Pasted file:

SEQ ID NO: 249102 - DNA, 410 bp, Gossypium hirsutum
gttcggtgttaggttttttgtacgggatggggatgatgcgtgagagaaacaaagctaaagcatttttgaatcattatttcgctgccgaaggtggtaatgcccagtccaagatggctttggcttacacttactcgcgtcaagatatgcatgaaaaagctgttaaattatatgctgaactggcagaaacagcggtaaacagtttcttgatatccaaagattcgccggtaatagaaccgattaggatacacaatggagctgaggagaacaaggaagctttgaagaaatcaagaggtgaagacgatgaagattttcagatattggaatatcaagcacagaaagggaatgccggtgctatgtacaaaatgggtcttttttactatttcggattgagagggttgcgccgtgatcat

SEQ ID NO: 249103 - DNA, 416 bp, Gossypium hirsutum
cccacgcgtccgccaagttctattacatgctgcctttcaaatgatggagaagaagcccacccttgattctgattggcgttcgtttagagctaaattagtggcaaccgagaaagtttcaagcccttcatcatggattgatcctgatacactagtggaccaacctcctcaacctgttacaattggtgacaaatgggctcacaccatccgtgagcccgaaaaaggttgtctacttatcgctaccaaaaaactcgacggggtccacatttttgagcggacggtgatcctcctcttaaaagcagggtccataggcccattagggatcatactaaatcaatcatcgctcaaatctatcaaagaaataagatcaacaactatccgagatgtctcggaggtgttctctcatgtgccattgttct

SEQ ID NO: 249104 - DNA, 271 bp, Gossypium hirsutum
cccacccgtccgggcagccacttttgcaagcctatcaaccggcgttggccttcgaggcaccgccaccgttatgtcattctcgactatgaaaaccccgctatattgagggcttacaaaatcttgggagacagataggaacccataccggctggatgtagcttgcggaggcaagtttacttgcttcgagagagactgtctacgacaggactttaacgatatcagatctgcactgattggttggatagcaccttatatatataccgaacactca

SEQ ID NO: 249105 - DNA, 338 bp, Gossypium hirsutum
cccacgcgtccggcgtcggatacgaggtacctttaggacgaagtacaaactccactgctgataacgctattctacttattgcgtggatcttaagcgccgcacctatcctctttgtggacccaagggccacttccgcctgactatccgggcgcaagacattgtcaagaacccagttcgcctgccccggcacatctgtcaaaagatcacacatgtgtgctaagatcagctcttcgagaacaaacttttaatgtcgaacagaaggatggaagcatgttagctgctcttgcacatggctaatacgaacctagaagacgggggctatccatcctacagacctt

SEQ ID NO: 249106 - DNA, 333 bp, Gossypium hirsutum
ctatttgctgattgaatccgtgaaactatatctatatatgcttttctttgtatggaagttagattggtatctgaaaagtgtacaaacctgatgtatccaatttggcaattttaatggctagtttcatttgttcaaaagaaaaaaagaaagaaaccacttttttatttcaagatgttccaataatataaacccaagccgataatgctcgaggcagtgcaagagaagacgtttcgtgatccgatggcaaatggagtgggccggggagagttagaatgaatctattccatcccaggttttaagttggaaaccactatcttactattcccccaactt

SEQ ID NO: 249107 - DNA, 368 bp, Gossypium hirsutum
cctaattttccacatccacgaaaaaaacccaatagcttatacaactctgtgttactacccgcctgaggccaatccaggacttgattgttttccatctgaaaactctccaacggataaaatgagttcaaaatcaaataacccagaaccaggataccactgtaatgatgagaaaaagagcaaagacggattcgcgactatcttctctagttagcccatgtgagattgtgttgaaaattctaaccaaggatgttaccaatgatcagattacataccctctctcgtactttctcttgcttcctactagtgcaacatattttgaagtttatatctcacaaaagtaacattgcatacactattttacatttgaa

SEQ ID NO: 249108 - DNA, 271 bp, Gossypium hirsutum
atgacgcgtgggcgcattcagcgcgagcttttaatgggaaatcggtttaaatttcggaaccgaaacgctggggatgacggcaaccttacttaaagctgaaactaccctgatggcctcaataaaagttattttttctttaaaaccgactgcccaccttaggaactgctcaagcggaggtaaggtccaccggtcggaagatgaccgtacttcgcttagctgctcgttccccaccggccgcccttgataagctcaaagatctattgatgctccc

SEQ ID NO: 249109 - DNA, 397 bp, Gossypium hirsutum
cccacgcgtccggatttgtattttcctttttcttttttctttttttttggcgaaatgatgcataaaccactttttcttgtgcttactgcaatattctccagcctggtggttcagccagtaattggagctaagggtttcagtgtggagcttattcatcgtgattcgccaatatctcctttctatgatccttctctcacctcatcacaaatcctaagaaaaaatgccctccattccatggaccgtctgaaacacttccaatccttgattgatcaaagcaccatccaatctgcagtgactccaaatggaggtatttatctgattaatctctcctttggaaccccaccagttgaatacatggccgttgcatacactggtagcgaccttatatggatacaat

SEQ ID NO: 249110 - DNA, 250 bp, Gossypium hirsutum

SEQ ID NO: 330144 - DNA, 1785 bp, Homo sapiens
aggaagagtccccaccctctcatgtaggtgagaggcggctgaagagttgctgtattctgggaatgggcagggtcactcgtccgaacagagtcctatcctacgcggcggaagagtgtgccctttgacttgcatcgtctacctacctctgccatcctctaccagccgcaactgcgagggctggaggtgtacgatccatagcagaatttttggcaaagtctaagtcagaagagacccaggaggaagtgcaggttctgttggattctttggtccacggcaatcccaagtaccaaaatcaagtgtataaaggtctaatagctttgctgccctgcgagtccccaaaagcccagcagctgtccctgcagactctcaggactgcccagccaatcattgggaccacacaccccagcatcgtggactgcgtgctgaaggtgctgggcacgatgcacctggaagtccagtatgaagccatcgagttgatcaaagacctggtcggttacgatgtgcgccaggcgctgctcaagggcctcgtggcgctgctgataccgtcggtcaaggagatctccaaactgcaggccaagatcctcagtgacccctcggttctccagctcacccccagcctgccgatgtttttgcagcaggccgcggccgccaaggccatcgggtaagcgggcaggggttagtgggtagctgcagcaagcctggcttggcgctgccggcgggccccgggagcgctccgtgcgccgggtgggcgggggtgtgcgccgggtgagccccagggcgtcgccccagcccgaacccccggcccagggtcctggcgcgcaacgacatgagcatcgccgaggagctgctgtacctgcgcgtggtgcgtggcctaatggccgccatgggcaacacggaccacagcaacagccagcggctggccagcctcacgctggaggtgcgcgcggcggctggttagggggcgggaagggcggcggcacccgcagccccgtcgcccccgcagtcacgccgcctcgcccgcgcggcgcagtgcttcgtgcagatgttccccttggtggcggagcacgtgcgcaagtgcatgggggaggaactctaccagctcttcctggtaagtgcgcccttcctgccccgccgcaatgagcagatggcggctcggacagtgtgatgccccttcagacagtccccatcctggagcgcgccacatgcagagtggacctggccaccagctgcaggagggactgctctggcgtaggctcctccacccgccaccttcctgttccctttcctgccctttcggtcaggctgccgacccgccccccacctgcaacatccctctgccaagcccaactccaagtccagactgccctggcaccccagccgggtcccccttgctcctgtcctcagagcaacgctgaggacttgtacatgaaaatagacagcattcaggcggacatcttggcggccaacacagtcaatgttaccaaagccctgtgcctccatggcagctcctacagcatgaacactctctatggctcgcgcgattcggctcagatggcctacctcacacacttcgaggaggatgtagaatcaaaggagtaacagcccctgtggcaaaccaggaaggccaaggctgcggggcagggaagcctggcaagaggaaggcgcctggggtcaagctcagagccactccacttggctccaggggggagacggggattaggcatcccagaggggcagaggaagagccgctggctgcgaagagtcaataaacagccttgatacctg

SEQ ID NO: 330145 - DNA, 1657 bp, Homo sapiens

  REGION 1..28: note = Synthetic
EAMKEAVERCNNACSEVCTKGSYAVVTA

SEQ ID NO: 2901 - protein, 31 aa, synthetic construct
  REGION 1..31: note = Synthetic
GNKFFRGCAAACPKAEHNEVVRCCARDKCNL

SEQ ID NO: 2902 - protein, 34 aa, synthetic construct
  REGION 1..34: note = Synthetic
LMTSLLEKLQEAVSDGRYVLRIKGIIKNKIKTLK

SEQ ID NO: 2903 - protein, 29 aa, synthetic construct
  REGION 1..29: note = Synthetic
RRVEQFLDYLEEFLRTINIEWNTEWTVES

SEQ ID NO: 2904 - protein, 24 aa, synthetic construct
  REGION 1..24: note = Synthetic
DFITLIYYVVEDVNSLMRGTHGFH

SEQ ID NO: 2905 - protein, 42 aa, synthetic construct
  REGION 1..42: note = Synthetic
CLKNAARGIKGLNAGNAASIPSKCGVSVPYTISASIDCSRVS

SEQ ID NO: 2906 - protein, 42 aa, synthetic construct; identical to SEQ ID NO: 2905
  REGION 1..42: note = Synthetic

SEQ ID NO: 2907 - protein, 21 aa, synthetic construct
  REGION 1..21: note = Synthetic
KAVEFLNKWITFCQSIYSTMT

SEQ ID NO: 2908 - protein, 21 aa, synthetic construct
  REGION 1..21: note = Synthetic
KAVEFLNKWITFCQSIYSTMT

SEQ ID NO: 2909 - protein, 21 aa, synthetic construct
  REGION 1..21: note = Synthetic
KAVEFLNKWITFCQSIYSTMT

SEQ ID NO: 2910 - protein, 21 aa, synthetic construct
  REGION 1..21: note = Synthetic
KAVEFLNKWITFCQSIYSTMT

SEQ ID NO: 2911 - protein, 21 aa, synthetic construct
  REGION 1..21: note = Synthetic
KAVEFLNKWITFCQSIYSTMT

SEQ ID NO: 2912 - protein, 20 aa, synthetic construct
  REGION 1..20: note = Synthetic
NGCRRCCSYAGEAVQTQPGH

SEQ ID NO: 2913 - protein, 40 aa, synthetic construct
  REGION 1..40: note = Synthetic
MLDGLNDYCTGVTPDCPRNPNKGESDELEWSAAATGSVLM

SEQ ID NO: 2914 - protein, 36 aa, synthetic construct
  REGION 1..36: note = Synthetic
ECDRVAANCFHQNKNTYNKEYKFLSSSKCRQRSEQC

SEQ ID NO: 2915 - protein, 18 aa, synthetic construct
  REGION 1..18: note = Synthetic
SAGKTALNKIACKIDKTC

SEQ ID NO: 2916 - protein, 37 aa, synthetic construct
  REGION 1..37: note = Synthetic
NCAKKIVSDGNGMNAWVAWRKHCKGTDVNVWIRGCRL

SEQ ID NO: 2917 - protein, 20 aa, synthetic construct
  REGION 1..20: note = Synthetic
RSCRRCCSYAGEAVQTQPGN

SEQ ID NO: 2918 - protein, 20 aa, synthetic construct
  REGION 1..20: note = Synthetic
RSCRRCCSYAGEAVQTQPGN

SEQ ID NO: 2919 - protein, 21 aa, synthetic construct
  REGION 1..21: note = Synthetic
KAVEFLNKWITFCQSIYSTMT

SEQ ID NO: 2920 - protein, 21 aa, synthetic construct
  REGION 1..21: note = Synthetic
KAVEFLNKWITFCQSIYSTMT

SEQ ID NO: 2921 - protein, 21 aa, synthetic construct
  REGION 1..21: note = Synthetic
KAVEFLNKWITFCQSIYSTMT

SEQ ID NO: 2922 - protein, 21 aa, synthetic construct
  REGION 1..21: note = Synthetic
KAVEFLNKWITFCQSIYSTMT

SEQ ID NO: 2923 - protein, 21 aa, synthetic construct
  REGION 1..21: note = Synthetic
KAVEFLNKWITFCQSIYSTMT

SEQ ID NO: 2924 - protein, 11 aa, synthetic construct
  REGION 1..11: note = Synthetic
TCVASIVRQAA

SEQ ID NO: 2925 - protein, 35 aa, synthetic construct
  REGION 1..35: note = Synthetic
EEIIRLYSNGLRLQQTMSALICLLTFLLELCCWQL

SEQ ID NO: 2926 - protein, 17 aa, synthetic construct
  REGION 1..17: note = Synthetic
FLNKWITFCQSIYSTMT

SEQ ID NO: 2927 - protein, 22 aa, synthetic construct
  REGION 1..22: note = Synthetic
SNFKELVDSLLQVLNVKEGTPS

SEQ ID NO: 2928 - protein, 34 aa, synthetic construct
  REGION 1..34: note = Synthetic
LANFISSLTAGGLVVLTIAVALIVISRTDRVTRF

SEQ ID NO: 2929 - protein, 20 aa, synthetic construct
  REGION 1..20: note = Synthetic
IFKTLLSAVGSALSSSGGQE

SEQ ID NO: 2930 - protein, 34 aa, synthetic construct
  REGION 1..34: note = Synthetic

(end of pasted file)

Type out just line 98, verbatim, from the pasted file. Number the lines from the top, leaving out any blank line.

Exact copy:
  REGION 1..17: note = Synthetic